Posted on: April 26, 2011 2:53 am
Edited on: April 26, 2011 3:24 am
The Dallas Mavericks took a 3-2 series lead by dominating the boards in Game 5 against the Portland Trail Blazers. Posted by Ben Golliver.
Portland Trail Blazers guard Brandon Roy fell back to Earth after back-to-back sterling performances in Games 3 and 4, and his team didn't stand much of a chance in Game 5 against the Dallas Mavericks. While Dallas's two go-to scorers -- Dirk Nowitzki and Jason Terry -- combined for 45 points, Game 5's hero was Tyson Chandler.
Entering the series, Chandler and his Portland counterpart, Marcus Camby, were viewed as essentially a toss-up. Both players are long, agile defense-first centers who concentrate on rebounding and generally provide scoring only in an auxiliary role. Through four games, Chandler was averaging 4.0 points and 7.5 rebounds with Camby averaging 3.8 points and 10.3 rebounds. Pretty similar, especially considering that Chandler was limited pretty severely by foul trouble in Game 3.
But Game 5 was a totally different beast, as Chandler finished with 14 points and a season-high 20 rebounds, including a whopping 13 offensive boards. (Camby finished with four points and eight rebounds in 20 minutes.) Aside from being an offensive threat by finishing around the rim and getting to the free throw line, Chandler's dominance of the offensive glass saved the Mavericks.
Mavs.com reported that Chandler's 13 offensive rebounds in a playoff game is the first time that mark has been reached in nearly 16 years; since Shaquille O'Neal had 14 way back in May 1995. How did he do it? He had more offensive rebounds than the entire Portland team, which is quite the accomplishment because the Blazers finished third in offensive rebound rate this season.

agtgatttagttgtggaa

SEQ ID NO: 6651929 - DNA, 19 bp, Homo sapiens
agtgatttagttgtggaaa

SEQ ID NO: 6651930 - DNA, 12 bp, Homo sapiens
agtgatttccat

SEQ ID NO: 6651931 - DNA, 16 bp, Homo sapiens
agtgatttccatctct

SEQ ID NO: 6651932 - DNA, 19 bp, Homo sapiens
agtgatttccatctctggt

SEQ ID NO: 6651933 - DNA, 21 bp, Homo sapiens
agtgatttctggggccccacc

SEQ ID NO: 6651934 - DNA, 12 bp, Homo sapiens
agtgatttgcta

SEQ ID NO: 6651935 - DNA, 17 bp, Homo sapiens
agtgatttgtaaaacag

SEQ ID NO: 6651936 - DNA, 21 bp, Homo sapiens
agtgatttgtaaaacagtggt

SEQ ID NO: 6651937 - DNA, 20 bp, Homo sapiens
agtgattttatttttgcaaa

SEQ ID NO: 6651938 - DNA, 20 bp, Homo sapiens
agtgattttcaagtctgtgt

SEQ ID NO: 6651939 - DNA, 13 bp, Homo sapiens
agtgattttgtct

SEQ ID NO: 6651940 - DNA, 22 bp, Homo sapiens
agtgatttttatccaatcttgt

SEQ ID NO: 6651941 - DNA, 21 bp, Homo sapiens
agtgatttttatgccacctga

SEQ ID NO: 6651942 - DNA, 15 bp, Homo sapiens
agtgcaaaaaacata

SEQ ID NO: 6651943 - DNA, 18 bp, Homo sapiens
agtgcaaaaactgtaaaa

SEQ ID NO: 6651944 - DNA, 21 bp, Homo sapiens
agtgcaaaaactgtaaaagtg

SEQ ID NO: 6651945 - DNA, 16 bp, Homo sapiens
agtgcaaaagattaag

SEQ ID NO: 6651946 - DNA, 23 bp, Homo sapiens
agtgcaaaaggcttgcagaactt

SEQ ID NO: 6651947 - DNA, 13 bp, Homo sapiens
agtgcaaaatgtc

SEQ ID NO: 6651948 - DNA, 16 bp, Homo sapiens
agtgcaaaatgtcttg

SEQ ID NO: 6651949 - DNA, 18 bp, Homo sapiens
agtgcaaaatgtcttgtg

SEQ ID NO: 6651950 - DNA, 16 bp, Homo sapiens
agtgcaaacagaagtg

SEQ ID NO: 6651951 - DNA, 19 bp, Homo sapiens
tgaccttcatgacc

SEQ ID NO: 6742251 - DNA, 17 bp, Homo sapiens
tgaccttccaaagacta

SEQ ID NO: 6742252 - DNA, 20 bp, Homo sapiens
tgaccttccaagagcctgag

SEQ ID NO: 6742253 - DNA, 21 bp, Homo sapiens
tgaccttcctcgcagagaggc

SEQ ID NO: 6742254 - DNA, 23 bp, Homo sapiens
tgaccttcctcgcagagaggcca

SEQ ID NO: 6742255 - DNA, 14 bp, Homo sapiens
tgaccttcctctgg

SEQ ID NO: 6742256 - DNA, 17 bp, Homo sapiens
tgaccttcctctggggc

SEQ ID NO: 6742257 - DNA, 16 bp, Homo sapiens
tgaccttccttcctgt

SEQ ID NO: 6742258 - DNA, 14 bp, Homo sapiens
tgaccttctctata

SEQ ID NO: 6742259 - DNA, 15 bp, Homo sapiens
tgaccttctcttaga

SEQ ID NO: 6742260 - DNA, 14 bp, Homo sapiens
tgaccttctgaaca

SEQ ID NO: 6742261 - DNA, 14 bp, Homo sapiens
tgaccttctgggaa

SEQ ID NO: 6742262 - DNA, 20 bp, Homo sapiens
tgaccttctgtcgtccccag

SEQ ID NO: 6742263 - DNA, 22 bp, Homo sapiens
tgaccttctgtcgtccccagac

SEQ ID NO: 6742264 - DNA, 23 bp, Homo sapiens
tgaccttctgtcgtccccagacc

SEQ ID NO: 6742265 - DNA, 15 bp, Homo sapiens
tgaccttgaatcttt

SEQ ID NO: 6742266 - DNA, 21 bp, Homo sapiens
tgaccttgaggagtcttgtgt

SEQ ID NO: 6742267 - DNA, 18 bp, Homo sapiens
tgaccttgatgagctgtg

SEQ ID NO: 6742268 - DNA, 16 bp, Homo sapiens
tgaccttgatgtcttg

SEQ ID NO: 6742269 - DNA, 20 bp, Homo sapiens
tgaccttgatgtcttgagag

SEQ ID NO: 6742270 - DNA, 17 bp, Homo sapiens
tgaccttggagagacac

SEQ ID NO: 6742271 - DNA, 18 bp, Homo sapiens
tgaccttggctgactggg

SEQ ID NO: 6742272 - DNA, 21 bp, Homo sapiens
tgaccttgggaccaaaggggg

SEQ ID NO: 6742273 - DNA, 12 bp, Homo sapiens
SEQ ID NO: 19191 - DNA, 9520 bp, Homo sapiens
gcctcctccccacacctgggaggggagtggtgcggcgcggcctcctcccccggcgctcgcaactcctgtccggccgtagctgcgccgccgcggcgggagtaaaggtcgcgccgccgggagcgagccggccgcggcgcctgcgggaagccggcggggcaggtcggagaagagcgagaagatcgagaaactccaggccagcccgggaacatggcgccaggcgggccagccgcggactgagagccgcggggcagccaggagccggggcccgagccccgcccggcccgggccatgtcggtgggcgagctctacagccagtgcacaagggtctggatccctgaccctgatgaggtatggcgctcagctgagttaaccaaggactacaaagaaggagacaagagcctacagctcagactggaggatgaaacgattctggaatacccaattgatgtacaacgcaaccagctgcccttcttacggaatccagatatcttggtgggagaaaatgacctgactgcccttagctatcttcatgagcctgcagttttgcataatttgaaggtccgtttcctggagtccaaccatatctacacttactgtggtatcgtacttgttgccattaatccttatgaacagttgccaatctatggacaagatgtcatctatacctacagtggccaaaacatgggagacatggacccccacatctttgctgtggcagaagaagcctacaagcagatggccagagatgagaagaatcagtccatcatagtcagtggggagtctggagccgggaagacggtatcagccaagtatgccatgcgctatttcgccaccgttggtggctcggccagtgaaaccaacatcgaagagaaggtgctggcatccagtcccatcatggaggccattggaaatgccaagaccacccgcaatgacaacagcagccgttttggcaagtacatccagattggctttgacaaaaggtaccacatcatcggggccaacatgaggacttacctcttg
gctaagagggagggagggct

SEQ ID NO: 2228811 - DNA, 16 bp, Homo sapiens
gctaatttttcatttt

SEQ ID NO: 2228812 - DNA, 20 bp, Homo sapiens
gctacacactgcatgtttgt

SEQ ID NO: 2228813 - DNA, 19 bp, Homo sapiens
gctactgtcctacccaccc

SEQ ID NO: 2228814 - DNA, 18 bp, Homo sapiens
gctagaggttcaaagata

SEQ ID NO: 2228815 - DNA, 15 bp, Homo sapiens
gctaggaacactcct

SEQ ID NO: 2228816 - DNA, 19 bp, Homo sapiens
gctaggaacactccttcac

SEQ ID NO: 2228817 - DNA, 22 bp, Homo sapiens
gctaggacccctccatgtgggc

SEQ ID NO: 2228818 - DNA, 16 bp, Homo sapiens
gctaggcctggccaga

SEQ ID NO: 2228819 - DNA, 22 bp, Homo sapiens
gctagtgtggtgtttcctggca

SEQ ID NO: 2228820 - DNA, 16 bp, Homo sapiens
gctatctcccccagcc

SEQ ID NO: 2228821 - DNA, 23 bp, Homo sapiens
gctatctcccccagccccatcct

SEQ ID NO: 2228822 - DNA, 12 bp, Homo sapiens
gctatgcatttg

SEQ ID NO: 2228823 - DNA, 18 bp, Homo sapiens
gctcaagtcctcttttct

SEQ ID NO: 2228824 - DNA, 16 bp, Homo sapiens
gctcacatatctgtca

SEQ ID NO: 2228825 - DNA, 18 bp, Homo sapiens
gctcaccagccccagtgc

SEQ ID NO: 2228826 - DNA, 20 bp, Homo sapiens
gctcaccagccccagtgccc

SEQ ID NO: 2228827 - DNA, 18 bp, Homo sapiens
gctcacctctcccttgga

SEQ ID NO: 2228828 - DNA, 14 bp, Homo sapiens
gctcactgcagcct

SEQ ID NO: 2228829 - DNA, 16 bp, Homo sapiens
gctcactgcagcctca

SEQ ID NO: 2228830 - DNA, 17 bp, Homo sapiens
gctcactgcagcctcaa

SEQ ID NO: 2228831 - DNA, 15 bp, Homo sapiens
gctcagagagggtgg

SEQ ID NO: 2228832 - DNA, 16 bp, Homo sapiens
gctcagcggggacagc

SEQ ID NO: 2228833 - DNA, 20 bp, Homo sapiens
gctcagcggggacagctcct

Chandler's big night wouldn't have been possible without some horrific outside shooting by his teammates. The Mavs shot 3-17 (17.6%!) from deep, tying a season-low for made three-pointers. In other words, there were plenty of opportunities.
Besides the prerequisites needed for a big rebounding night -- high energy level and plenty of minutes -- Chandler used his unique skillset to his full advantage. He relied on his rebounding intuition and versatility to track long rebounds off of missed jumpers, clear out to the free throw line in some cases, often batting the balls back to his teammates to extend the possession. He got physical with Portland's lithe bigs when necessary.
Chandler also regularly fed off the home crowd while still playing within himself, careful not to ride too high on his success to the detriment of the team. The fact that he took just four shots -- missing only one -- on his way to 14 points is nearly as remarkable as his rebounding numbers. He resisted the temptation to go to far, to let his numbers go to his head, to do anything except what was needed of him on this night.
Dallas was able to keep the turnover differential even in Game 5 -- a crucial factor in defeating the slow-down, ball-control Blazers -- and they shot 16 more free throws than Portland. Chandler's offensive rebounding helped the Mavericks win the second chance points battle 17-8. Had Chandler's teammates shot better from the field, that margin could have been much, much larger.